The age of the gig worker is upon us and denial won’t make it disappear. If businesses don’t adapt to this new way of working, they won’t survive. The increased efficiency and global expertise offered by gig workers will separate the corporate wheat from the chaff and leave the slow behind. It’s a simple case of evolve or die.



Growing gig economy: Aon report highlights gig worker needs and HRD expectations

A new report from Aon plc (NYSE: AON), a leading global professional services firm providing a broad range of risk, retirement and health solutions, shows that gig workers are looking for a balance between stability and flexibility – but have yet to find it. The report, Gig Economy: Financial Security or Greater Control’, examined the issues by asking views of gig workers and HR directors from across Europe, in order to help organisations better understand potential impacts of this growing workforce.

The research found that 26% of European HR directors believe that in five years’ time their workforces will comprise 51-75% gig workers, while 18% of UK HRDs believe 75% or more of their workforce will be made up of contractors over the same period.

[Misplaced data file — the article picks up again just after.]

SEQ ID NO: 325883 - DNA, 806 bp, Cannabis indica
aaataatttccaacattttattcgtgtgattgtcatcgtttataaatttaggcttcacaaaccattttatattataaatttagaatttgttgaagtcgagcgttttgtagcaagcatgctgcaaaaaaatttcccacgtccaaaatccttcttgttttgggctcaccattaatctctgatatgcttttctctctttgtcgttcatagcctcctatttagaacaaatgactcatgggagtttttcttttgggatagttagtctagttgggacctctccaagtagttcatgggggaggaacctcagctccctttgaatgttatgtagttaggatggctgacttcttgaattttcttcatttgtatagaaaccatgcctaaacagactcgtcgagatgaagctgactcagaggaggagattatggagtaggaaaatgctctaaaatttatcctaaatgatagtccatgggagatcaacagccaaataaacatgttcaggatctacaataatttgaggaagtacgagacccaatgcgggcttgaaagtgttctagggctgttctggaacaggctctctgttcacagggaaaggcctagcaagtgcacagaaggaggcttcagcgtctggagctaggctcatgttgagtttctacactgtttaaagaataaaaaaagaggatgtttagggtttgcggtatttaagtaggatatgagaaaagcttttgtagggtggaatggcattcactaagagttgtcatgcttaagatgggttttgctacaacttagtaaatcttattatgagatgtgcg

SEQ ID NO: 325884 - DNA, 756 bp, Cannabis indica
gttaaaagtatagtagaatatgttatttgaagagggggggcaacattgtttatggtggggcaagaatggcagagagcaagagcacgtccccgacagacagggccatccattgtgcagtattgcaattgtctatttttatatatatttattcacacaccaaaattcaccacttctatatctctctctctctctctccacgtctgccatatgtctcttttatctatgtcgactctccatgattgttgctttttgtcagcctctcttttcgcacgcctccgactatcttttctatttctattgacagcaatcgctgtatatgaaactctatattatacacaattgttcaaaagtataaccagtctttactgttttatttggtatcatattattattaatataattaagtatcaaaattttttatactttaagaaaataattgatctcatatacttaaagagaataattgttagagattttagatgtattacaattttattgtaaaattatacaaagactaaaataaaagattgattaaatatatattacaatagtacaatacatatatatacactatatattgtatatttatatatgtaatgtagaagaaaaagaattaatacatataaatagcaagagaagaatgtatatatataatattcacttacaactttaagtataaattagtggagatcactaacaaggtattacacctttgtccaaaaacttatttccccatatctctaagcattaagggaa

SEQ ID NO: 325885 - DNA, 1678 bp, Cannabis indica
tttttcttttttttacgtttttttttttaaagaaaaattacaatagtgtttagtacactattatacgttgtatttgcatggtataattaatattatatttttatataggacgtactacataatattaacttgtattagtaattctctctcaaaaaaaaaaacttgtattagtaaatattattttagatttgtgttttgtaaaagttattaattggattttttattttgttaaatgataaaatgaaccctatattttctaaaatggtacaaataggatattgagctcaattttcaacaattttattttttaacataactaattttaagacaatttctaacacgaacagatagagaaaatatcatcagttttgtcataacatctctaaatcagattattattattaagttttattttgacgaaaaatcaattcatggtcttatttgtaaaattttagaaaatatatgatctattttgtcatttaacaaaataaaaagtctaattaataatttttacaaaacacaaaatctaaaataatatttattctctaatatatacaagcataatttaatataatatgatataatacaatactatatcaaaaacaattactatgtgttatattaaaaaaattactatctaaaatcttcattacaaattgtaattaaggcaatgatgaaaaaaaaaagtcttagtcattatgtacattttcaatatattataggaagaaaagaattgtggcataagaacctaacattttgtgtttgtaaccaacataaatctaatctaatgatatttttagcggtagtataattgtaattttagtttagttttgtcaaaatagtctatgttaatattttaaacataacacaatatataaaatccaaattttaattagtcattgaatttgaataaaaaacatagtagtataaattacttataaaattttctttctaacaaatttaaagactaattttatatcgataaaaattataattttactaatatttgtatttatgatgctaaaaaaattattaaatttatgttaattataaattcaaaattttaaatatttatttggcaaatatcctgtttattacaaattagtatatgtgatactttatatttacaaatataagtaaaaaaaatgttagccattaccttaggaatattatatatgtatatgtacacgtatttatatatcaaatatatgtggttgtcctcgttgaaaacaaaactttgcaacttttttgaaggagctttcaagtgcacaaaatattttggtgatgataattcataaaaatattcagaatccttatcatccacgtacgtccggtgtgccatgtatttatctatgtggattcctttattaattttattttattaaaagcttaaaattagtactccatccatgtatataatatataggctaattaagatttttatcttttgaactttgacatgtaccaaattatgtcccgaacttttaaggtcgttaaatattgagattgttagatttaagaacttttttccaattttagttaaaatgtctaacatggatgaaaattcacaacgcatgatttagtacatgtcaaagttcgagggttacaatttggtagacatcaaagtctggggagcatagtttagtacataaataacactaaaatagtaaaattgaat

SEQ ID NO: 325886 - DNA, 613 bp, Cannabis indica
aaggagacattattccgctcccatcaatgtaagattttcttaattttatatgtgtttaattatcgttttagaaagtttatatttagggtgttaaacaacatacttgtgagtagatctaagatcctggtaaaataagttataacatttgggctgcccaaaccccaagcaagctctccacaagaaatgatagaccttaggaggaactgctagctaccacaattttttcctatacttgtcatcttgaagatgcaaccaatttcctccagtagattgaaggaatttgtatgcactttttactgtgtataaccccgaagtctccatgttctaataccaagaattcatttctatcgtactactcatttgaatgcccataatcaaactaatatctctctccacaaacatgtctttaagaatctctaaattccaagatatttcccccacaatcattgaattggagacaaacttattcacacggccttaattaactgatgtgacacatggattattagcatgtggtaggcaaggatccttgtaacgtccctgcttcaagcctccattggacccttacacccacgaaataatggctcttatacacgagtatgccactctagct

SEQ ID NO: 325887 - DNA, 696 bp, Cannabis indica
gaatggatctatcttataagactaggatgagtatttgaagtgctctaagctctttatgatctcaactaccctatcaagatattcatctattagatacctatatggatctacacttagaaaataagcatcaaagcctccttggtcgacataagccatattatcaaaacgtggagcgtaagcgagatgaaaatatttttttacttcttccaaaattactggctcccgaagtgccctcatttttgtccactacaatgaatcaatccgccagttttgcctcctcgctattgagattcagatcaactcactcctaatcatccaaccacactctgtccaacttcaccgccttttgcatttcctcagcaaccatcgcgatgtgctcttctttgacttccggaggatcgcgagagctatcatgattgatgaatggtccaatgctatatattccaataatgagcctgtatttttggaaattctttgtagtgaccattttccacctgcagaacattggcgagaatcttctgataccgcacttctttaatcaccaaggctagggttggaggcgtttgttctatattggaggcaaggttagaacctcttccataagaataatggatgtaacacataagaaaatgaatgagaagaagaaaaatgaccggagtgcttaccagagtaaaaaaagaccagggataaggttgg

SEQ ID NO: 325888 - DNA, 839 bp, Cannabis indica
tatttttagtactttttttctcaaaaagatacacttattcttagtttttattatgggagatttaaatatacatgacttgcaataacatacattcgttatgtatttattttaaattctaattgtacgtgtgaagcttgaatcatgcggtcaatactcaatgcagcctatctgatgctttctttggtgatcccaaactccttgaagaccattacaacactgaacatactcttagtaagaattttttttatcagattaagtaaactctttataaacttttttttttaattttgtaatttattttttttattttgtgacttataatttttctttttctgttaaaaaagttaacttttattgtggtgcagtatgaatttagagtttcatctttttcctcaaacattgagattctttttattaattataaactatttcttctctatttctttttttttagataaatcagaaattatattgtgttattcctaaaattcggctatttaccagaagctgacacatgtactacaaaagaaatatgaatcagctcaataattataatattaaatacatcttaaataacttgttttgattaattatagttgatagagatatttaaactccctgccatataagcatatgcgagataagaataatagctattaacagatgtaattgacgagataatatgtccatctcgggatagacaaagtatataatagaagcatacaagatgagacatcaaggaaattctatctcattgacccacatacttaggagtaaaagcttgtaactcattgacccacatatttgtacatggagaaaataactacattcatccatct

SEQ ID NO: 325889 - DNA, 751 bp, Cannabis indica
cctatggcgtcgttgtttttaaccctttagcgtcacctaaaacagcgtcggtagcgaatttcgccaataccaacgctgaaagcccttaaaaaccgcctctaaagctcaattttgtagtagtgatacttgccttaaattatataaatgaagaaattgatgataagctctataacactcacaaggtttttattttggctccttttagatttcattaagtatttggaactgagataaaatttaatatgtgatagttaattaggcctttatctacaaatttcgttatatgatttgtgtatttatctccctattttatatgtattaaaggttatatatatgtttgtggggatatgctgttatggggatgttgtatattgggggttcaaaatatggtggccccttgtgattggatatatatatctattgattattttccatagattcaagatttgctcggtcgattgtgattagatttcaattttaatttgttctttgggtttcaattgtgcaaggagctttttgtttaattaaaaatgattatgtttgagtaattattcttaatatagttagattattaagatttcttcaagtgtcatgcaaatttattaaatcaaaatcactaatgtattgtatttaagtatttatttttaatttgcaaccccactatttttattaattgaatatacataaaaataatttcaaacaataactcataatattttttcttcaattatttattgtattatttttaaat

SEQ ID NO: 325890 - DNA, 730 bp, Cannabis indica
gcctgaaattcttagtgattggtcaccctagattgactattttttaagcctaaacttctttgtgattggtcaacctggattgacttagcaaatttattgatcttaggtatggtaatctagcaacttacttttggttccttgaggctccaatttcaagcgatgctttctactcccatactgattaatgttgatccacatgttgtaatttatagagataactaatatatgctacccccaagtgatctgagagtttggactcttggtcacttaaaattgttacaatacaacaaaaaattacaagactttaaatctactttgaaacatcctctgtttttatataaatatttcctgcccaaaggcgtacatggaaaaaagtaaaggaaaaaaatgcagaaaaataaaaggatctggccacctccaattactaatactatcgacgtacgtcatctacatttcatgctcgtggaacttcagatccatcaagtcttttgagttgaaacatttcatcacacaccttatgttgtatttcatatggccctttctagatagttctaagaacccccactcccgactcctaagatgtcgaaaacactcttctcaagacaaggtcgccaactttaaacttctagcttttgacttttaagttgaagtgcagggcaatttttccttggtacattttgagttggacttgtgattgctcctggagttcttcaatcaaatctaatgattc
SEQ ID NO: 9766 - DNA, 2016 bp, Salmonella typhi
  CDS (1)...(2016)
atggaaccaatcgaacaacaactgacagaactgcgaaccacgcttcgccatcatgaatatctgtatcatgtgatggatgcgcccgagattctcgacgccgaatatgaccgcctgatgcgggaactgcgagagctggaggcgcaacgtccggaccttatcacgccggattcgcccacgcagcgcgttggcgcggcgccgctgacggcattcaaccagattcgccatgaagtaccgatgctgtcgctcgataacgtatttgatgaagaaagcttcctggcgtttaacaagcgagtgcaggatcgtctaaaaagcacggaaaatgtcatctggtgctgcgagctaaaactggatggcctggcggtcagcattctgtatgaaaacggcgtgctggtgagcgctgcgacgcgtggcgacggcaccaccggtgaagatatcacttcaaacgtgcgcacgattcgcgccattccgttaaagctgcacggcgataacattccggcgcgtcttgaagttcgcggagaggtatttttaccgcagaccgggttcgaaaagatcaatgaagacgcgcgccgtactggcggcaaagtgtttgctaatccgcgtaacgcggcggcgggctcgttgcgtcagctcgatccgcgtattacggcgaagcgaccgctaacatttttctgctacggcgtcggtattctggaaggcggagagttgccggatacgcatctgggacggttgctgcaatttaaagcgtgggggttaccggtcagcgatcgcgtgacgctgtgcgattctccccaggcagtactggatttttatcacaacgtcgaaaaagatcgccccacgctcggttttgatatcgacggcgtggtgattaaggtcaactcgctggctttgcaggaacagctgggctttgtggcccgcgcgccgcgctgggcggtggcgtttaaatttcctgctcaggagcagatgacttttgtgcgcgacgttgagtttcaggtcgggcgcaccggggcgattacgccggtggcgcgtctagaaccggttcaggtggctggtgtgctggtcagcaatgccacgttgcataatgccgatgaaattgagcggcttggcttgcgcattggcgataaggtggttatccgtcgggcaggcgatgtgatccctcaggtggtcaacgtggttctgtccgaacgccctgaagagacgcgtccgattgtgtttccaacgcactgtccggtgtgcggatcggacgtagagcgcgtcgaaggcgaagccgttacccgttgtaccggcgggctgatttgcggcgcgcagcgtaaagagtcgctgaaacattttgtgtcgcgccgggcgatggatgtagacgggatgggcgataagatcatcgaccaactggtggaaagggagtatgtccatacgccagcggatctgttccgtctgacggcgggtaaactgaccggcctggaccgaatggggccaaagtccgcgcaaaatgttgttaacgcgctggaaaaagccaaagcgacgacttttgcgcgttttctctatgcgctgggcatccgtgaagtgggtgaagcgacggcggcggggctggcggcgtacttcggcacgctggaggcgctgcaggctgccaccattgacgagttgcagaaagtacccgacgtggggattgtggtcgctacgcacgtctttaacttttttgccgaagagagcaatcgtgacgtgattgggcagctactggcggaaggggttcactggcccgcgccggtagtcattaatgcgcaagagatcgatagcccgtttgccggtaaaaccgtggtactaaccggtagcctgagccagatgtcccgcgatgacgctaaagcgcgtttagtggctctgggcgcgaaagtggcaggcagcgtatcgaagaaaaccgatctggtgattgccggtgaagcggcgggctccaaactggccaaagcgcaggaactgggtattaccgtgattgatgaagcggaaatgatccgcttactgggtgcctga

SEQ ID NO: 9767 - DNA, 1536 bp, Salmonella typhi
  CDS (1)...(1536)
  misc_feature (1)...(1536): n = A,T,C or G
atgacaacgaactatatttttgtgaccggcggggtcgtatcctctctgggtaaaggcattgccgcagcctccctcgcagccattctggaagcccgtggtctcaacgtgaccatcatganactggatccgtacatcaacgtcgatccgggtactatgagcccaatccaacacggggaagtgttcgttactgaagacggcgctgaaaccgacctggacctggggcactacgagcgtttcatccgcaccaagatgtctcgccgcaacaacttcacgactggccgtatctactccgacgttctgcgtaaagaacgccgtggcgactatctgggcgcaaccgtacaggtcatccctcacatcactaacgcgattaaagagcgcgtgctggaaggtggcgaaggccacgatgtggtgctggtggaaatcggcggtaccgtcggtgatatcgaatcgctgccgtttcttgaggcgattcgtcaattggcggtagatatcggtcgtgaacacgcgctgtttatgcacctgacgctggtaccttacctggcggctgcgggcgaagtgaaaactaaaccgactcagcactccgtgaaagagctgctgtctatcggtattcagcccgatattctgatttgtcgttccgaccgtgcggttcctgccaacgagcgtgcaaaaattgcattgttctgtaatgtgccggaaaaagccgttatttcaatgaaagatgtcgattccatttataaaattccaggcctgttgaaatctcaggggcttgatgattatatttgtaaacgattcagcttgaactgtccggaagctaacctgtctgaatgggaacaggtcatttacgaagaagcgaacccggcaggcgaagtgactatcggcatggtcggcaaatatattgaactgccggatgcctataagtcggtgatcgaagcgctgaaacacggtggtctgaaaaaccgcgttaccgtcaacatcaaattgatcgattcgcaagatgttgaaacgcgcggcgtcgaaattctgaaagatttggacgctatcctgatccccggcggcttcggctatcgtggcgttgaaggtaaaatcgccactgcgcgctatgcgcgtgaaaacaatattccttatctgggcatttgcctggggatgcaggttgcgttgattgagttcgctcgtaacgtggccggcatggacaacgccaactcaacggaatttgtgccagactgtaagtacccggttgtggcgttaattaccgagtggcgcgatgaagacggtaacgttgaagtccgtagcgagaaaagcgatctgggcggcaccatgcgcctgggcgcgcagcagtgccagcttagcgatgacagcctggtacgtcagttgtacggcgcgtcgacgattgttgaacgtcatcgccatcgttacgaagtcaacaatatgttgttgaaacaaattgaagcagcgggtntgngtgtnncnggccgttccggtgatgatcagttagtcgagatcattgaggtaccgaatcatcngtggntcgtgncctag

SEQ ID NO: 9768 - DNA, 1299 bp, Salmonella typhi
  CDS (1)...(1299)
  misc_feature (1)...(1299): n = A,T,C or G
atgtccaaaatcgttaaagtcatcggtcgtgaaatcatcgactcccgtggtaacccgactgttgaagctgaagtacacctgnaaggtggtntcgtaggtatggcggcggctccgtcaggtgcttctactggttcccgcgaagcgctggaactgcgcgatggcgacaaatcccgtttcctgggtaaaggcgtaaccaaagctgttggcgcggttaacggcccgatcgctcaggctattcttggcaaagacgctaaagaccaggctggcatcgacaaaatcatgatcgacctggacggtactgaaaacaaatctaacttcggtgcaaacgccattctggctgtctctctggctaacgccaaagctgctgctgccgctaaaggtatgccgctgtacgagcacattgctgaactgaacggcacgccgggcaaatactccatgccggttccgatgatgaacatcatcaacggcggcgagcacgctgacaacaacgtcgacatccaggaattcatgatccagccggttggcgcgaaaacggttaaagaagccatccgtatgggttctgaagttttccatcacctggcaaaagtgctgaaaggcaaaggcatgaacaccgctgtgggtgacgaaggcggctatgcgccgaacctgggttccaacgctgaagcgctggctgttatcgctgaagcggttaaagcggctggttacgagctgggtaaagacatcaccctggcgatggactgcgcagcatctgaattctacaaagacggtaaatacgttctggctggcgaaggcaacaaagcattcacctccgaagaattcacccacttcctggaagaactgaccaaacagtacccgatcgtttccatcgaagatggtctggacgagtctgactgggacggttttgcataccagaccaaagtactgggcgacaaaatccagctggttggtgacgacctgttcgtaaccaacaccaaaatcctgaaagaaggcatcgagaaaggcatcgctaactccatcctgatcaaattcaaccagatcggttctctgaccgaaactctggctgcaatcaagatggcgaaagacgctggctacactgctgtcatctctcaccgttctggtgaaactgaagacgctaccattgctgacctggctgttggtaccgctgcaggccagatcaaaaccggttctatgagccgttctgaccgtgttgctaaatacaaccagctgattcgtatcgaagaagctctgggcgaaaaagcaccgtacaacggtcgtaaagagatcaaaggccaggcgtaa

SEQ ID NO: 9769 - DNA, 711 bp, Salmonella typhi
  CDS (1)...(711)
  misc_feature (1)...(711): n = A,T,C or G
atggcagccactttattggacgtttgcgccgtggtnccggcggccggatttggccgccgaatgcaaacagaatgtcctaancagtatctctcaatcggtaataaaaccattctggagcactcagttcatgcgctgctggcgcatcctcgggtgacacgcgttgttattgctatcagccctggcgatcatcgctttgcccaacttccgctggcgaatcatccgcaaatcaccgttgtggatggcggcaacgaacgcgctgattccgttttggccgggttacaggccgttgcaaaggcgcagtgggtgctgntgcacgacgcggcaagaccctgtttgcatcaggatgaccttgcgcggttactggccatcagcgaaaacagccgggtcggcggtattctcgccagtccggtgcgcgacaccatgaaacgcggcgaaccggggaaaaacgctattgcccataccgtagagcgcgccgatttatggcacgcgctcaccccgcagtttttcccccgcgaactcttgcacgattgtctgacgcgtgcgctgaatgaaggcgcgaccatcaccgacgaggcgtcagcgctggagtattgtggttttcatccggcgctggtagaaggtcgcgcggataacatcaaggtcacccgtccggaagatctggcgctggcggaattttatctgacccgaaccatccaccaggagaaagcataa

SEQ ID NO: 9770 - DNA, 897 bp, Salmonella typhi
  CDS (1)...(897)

The report was developed from 500 interviews with three groups of people: 200 HR directors, 150 B2B/white collar gig workers and 150 B2C/blue collar gig workers.  They were interviewed from across France, Germany, Netherlands, Spain and the UK. Alongside the more traditional B2B gig workers, there has also been the emergence of B2C gig workers, who connect customers to products and services. Their employers include Amazon, Deliveroo and Airbnb.

The report found that:

  • 66% of gig workers say it is important to plan financially for the future as well as enjoying the present.
  • 64% say security and stability are important to them.